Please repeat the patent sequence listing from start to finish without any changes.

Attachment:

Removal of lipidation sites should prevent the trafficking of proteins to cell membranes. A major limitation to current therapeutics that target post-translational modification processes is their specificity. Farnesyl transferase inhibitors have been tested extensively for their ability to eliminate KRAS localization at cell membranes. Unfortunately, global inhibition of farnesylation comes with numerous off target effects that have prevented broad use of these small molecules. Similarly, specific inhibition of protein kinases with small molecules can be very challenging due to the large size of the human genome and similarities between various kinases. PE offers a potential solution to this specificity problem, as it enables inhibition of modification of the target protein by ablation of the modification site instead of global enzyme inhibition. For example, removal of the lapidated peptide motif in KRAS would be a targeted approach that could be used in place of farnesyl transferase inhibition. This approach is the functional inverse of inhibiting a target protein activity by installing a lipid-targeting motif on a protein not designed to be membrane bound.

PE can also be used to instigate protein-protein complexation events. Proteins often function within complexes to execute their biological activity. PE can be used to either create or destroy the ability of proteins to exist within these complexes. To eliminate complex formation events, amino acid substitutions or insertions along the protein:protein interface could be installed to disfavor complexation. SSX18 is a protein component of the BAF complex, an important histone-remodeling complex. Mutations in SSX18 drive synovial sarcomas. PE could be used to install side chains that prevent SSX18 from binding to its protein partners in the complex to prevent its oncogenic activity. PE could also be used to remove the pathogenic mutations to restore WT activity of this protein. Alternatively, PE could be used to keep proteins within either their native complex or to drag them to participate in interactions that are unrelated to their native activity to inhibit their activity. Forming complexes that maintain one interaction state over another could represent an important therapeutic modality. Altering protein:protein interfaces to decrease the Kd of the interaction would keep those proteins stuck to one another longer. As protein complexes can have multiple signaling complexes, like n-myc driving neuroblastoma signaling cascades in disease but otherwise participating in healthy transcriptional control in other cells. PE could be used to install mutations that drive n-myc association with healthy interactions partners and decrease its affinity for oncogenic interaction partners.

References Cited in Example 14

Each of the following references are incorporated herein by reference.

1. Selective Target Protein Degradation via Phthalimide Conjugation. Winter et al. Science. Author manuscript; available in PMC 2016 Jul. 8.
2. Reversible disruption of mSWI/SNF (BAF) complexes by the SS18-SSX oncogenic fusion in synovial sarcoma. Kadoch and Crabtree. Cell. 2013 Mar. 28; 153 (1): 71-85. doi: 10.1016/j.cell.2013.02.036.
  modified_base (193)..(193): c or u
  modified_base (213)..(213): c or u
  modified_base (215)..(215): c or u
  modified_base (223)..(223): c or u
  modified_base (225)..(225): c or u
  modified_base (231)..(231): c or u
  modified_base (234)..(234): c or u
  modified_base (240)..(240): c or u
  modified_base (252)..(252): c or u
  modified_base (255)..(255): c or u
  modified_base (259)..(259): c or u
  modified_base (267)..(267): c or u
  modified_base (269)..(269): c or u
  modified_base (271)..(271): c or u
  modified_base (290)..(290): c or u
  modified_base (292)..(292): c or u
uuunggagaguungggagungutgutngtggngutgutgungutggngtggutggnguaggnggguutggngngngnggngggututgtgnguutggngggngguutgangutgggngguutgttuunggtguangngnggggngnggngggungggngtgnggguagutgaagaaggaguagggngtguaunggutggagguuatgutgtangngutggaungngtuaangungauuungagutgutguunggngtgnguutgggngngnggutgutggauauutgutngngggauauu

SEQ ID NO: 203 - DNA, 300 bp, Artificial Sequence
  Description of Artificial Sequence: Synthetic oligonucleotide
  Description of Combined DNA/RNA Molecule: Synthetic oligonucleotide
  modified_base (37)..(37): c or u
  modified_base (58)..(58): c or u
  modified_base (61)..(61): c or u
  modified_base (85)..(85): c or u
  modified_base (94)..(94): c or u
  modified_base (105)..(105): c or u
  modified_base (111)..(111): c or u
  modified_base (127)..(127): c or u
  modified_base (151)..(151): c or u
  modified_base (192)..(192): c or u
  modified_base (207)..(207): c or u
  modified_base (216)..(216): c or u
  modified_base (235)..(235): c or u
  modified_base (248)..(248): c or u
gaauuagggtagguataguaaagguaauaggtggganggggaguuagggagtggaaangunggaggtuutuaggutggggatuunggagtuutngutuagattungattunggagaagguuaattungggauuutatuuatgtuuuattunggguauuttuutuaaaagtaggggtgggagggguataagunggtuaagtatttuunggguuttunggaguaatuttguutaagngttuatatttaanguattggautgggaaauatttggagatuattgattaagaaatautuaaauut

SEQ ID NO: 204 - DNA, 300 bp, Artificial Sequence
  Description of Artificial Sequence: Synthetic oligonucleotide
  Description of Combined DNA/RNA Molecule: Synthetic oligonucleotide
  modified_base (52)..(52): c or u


Removal of lipidation sites should prevent the trafficking of proteins to cell membranes. A major limitation to current therapeutics that target post-translational modification processes is their specificity. Farnesyl transferase inhibitors have been tested extensively for their ability to eliminate KRAS localization at cell membranes. Unfortunately, global inhibition of farnesylation comes with numerous off target effects that have prevented broad use of these small molecules. Similarly, specific inhibition of protein kinases with small molecules can be very challenging due to the large size of the human genome and similarities between various kinases. PE offers a potential solution to this specificity problem, as it enables inhibition of modification of the target protein by ablation of the modification site instead of global enzyme inhibition. For example, removal of the lapidated peptide motif in KRAS would be a targeted approach that could be used in place of farnesyl transferase inhibition. This approach is the functional inverse of inhibiting a target protein activity by installing a lipid-targeting motif on a protein not designed to be membrane bound.

PE can also be used to instigate protein-protein complexation events. Proteins often function within complexes to execute their biological activity. PE can be used to either create or destroy the ability of proteins to exist within these complexes. To eliminate complex formation events, amino acid substitutions or insertions along the protein:protein interface could be installed to disfavor complexation. SSX18 is a protein component of the BAF complex, an important histone-remodeling complex. Mutations in SSX18 drive synovial sarcomas. PE could be used to install side chains that prevent SSX18 from binding to its protein partners in the complex to prevent its oncogenic activity. PE could also be used to remove the pathogenic mutations to restore WT activity of this protein. Alternatively, PE could be used to keep proteins within either their native complex or to drag them to participate in interactions that are unrelated to their native activity to inhibit their activity. Forming complexes that maintain one interaction state over another could represent an important therapeutic modality. Altering protein:protein interfaces to decrease the Kd of the interaction would keep those proteins stuck to one another longer. As protein complexes can have multiple signaling complexes, like n-myc driving neuroblastoma signaling cascades in disease but otherwise participating in healthy transcriptional control in other cells. PE could be used to install mutations that drive n-myc association with healthy interactions partners and decrease its affinity for oncogenic interaction partners.

References Cited in Example 14

Each of the following references are incorporated herein by reference.

1. Selective Target Protein Degradation via Phthalimide Conjugation. Winter et al. Science. Author manuscript; available in PMC 2016 Jul. 8.
2. Reversible disruption of mSWI/SNF (BAF) complexes by the SS18-SSX oncogenic fusion in synovial sarcoma. Kadoch and Crabtree. Cell. 2013 Mar. 28; 153 (1): 71-85. doi: 10.1016/j.cell.2013.02.036.
  modified_base (193)..(193): c or u
  modified_base (213)..(213): c or u
  modified_base (215)..(215): c or u
  modified_base (223)..(223): c or u
  modified_base (225)..(225): c or u
  modified_base (231)..(231): c or u
  modified_base (234)..(234): c or u
  modified_base (240)..(240): c or u
  modified_base (252)..(252): c or u
  modified_base (255)..(255): c or u
  modified_base (259)..(259): c or u
  modified_base (267)..(267): c or u
  modified_base (269)..(269): c or u
  modified_base (271)..(271): c or u
  modified_base (290)..(290): c or u
  modified_base (292)..(292): c or u
uuunggagaguungggagungutgutngtggngutgutgungutggngtggutggnguaggnggguutggngngngnggngggututgtgnguutggngggngguutgangutgggngguutgttuunggtguangngnggggngnggngggungggngtgnggguagutgaagaaggaguagggngtguaunggutggagguuatgutgtangngutggaungngtuaangungauuungagutgutguunggngtgnguutgggngngnggutgutggauauutgutngngggauauu

SEQ ID NO: 203 - DNA, 300 bp, Artificial Sequence
  Description of Artificial Sequence: Synthetic oligonucleotide
  Description of Combined DNA/RNA Molecule: Synthetic oligonucleotide
  modified_base (37)..(37): c or u
  modified_base (58)..(58): c or u
  modified_base (61)..(61): c or u
  modified_base (85)..(85): c or u
  modified_base (94)..(94): c or u
  modified_base (105)..(105): c or u
  modified_base (111)..(111): c or u
  modified_base (127)..(127): c or u
  modified_base (151)..(151): c or u
  modified_base (192)..(192): c or u
  modified_base (207)..(207): c or u
  modified_base (216)..(216): c or u
  modified_base (235)..(235): c or u
  modified_base (248)..(248): c or u
gaauuagggtagguataguaaagguaauaggtggganggggaguuagggagtggaaangunggaggtuutuaggutggggatuunggagtuutngutuagattungattunggagaagguuaattungggauuutatuuatgtuuuattunggguauuttuutuaaaagtaggggtgggagggguataagunggtuaagtatttuunggguuttunggaguaatuttguutaagngttuatatttaanguattggautgggaaauatttggagatuattgattaagaaatautuaaauut

SEQ ID NO: 204 - DNA, 300 bp, Artificial Sequence
  Description of Artificial Sequence: Synthetic oligonucleotide
  Description of Combined DNA/RNA Molecule: Synthetic oligonucleotide
  modified_base (52)..(52): c or u